Instead, she pointed out that the county sent out a news release recommending that everyone who had been tested in the two weeks before AdvaGenix testing was suspended be re-tested. That release said patients should be re-tested to “to confirm their results,” but it did not say some patients would never receive results in the first place.
Steven said he is disappointed with how the situation was handled.
“My main beef is, people should be directly communicated with,” he said, adding that he only learned of the issues with the lab through news articles.
He said he was fortunate: His son is doing fine; his symptoms resolved; and no one else in the family got sick. But, “It boggles the mind that there hasn’t been more of a response” by the county, he said.
Montgomery County Health Officer Dr. Travis Gayles said on Wednesday that the county attempted to reach patients by notifying the public to alert them to the possible need to be retested.
“We apologize for any frustrations that folks experienced in terms of the delays associated with the lab … we take full responsibility,” Gayles said during an online news briefing with other county officials.
Lab ordered to ‘immediately’ notify patients
When the state ordered the lab to halt COVID-19 testing last month, the responsibility for notifying patients was placed on AdvaGenix. Maryland Health Secretary Robert Neall’s eight-point order directed the lab to “immediately” notify all patients, whose tests the labs had processed, that their results are “erroneous or questionable” and that they should consider getting retested.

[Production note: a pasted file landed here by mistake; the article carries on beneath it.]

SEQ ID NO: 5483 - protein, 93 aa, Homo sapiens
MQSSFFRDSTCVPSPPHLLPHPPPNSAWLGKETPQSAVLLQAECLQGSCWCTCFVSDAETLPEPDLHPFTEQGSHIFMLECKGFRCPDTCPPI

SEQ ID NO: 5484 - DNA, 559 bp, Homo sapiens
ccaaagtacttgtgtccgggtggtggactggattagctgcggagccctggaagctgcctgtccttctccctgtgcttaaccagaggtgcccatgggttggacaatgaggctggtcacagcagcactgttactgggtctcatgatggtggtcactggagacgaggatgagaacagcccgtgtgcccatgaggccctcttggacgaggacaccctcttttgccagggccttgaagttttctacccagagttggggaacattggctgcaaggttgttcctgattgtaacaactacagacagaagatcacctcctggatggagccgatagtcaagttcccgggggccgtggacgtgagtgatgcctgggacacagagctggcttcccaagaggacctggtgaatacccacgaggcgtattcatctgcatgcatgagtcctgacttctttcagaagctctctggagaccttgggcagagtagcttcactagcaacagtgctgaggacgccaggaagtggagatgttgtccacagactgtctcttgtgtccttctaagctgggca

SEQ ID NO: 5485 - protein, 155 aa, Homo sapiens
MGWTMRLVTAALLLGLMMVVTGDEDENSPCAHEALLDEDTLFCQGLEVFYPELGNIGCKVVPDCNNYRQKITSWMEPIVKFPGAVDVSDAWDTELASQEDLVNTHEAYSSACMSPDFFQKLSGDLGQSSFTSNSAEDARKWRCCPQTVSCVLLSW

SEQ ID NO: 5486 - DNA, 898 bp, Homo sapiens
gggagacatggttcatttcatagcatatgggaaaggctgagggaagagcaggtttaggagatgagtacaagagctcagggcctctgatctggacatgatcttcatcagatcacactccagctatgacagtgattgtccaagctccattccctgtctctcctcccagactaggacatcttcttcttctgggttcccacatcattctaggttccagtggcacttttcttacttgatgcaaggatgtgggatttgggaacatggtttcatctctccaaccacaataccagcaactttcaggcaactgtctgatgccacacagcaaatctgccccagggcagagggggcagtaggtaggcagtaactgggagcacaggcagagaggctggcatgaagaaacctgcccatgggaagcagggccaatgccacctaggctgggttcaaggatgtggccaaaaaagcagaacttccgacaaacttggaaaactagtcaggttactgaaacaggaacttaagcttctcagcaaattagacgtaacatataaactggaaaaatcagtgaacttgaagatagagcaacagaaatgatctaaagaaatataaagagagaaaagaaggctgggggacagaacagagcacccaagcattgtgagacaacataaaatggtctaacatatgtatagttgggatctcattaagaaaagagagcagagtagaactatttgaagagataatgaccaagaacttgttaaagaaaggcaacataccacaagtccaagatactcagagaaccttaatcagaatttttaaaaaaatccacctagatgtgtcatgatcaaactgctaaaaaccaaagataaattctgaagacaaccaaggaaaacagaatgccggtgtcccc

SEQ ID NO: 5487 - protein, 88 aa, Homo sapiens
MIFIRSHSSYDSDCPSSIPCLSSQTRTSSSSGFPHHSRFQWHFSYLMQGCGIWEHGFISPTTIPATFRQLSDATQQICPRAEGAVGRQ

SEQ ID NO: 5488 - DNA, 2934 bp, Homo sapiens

So far, those notices haven’t gone out. In a brief statement provided to WTOP, a spokesman for the lab said, “Since it was issued, we have been in communication with the state about the items contained in the order.”
In a statement provided to WTOP Wednesday night, Maryland Department of Health spokesman Charlie Gischlar said the state Office of Health Care Quality is now holding off on requiring the lab to notify all the patients it tested because state officials and the federal Centers for Medicare and Medicaid Services are reviewing “additional information” the lab submitted to inspectors.
In a letter made public last week, AdvaGenix officials told CMS that they had addressed the issues identified in the inspection.
Late last week, the lab also posted a short message on its website, reading in part:
“COVID-19 testing by AdvaGenix is temporarily on hold. We understand your concern and frustration that AdvaGenix is currently not permitted to release COVID-19 test results. We are eager to return to supporting the needs of our community and doing our part to keep the public safe and healthy. The State of Maryland advises that you consider being retested, out of an abundance of caution, if you were tested at a Montgomery County facility between June 5 – August 14, 2020.”